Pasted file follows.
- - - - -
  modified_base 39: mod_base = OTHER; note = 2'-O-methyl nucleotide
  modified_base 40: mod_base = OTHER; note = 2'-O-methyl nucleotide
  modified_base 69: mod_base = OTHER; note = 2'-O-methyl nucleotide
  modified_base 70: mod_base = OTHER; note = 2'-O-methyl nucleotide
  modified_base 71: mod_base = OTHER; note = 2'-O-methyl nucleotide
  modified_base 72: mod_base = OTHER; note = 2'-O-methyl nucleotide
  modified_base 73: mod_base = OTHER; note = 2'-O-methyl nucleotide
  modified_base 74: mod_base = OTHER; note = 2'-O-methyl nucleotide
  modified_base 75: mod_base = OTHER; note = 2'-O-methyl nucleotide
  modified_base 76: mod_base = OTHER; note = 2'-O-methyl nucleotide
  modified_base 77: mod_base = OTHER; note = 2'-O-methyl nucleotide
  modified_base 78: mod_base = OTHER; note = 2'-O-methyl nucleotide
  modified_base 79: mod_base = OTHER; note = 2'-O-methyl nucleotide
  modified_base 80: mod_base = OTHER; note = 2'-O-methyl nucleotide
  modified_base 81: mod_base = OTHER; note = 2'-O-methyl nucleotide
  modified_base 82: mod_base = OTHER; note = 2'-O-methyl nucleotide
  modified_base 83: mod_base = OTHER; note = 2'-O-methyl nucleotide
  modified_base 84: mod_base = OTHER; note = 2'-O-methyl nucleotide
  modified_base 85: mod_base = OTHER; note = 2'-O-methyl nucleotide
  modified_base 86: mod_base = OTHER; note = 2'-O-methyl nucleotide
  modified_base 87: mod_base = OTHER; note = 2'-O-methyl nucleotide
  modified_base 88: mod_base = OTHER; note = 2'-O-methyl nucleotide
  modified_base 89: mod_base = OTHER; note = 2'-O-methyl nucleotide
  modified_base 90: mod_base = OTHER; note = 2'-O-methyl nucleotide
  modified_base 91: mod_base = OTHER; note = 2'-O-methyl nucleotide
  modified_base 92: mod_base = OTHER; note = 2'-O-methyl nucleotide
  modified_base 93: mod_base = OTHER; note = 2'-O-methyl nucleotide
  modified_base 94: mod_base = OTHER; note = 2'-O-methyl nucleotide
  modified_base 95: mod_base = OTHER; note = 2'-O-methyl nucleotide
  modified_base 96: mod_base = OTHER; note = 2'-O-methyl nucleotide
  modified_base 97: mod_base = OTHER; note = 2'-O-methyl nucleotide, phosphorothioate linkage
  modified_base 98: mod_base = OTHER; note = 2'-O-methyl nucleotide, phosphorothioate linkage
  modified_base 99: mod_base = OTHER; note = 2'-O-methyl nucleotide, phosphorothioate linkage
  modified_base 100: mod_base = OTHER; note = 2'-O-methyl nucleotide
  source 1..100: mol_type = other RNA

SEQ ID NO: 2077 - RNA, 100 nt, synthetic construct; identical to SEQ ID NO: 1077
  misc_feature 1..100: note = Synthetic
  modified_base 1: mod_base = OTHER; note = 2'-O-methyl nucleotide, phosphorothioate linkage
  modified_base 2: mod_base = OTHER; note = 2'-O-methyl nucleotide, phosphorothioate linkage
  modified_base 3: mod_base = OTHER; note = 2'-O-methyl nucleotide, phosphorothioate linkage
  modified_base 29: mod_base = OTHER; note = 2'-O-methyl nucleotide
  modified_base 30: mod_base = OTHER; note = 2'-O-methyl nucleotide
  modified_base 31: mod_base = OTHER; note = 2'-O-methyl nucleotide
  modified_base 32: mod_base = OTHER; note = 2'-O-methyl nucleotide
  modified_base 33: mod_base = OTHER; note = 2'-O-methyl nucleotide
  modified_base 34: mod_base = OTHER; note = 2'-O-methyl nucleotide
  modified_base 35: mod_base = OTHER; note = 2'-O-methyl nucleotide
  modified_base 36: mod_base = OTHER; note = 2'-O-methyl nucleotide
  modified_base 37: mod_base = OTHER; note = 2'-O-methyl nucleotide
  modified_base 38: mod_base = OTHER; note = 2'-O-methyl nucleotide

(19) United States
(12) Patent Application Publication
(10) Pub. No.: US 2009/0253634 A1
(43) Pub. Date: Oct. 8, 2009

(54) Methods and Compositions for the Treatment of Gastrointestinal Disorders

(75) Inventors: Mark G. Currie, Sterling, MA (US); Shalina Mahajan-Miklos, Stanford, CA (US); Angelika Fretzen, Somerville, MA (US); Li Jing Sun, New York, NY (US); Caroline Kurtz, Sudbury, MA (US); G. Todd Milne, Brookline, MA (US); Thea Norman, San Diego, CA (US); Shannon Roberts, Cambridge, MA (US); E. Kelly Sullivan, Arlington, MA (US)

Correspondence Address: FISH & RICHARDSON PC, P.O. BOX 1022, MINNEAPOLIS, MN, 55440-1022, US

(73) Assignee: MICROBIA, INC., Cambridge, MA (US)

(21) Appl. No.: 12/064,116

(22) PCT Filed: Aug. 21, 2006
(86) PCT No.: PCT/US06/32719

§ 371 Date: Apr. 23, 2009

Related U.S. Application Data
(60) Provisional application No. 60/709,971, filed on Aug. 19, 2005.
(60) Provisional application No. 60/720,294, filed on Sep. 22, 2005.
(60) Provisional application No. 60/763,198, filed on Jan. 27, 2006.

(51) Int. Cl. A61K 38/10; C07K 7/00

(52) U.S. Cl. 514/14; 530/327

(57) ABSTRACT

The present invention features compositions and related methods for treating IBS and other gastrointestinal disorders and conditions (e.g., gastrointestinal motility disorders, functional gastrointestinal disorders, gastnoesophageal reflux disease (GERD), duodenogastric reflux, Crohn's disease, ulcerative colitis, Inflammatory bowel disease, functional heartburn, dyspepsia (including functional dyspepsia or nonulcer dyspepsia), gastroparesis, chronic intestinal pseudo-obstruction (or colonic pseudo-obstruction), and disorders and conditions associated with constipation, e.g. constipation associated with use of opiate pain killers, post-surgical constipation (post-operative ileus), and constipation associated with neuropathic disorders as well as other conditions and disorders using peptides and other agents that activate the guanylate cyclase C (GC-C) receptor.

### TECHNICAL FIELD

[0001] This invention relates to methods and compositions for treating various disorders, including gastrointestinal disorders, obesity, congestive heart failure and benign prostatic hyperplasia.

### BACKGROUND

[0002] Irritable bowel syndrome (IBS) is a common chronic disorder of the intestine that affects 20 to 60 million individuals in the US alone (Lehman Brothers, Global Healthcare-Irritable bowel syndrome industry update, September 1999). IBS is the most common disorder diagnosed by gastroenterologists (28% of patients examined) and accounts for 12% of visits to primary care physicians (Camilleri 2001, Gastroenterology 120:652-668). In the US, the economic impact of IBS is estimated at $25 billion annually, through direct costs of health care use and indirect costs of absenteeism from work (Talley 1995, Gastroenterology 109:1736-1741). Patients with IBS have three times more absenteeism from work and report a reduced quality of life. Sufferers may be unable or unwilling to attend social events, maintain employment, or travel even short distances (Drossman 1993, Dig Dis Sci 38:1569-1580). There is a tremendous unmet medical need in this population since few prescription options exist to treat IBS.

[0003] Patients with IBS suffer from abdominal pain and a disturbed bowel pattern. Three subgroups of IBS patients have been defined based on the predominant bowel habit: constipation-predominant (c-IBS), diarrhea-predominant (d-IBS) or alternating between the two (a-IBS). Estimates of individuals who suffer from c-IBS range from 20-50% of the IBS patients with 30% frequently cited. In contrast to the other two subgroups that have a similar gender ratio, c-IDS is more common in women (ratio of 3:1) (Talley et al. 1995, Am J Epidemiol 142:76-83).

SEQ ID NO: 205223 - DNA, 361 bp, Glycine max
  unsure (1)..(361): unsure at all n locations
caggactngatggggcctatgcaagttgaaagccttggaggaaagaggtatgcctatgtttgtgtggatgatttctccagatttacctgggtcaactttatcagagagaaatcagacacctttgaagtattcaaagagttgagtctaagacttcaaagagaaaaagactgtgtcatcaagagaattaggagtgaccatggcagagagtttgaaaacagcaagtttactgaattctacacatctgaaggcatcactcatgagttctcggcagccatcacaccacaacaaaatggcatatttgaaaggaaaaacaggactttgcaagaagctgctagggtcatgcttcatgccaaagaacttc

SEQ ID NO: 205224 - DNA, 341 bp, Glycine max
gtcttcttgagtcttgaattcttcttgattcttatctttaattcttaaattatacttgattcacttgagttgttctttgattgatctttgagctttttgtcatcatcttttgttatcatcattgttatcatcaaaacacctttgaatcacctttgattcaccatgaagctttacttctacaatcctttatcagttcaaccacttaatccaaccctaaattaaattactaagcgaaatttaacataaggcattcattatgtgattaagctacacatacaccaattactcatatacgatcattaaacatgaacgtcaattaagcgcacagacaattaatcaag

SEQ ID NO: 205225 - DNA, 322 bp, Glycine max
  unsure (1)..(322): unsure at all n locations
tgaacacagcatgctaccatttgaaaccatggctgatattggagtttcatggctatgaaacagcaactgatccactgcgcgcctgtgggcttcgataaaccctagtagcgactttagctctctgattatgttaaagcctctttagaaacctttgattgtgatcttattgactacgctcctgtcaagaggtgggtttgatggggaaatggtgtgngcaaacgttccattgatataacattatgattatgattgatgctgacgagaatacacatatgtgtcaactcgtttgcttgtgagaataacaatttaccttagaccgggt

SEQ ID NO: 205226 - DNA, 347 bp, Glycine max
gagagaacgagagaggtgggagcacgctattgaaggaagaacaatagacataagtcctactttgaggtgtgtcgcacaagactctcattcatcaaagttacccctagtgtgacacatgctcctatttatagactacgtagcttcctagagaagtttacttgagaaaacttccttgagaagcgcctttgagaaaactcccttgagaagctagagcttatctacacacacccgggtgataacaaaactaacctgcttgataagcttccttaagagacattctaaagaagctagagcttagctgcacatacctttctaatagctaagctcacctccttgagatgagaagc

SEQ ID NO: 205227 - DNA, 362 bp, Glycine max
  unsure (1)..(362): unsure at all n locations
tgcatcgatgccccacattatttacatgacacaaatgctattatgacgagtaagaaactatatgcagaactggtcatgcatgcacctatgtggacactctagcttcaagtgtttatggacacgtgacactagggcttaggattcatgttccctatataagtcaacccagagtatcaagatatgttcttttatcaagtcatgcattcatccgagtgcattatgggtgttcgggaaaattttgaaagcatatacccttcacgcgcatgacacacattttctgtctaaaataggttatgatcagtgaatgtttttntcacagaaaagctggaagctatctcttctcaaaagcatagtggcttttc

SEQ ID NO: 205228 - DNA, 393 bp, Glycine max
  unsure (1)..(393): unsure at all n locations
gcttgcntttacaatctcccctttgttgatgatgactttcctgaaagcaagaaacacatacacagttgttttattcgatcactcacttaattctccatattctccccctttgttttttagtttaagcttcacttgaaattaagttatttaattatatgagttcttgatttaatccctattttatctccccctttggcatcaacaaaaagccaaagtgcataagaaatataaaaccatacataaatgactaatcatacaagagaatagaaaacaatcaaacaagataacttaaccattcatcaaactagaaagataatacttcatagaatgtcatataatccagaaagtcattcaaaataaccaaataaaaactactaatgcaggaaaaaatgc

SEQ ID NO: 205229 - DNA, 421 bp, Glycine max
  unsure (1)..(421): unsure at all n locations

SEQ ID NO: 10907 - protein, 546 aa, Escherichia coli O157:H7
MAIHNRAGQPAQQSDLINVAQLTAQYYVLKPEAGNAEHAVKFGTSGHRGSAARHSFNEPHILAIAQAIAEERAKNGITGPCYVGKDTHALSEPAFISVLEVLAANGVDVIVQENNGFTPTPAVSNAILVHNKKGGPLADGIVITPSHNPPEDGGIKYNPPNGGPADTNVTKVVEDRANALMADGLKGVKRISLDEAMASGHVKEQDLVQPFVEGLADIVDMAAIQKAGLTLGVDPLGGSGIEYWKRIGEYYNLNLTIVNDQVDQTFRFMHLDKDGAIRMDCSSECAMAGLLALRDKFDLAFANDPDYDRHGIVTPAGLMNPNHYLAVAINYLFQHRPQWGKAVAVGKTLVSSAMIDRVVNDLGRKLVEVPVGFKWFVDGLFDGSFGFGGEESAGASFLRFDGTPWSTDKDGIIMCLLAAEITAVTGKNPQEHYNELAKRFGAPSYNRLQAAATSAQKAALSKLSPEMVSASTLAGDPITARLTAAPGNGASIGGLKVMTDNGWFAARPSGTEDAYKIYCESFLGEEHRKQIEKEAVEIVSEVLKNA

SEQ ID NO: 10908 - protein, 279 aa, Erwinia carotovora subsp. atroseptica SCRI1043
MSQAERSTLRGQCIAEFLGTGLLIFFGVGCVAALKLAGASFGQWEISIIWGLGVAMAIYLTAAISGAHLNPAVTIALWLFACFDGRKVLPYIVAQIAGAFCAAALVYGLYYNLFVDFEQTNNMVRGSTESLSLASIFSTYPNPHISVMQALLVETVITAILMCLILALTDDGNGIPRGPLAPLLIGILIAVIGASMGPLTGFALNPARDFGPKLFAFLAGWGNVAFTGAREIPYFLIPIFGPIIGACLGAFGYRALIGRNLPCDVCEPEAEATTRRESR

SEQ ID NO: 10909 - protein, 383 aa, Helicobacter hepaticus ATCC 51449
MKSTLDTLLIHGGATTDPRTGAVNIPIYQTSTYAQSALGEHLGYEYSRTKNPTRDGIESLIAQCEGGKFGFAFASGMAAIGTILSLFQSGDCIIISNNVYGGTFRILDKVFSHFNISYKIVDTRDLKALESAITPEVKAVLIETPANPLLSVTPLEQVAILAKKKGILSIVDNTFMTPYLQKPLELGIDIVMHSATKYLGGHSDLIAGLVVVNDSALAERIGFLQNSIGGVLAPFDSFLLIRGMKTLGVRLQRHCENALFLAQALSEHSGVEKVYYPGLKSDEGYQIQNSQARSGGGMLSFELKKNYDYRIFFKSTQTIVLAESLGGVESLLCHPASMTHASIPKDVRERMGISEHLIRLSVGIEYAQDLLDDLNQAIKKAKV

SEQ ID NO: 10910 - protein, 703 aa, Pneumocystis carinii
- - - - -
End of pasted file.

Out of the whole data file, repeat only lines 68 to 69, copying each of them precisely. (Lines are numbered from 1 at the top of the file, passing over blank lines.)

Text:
(52) U.S. Cl. 514/14; 530/327

(57) ABSTRACT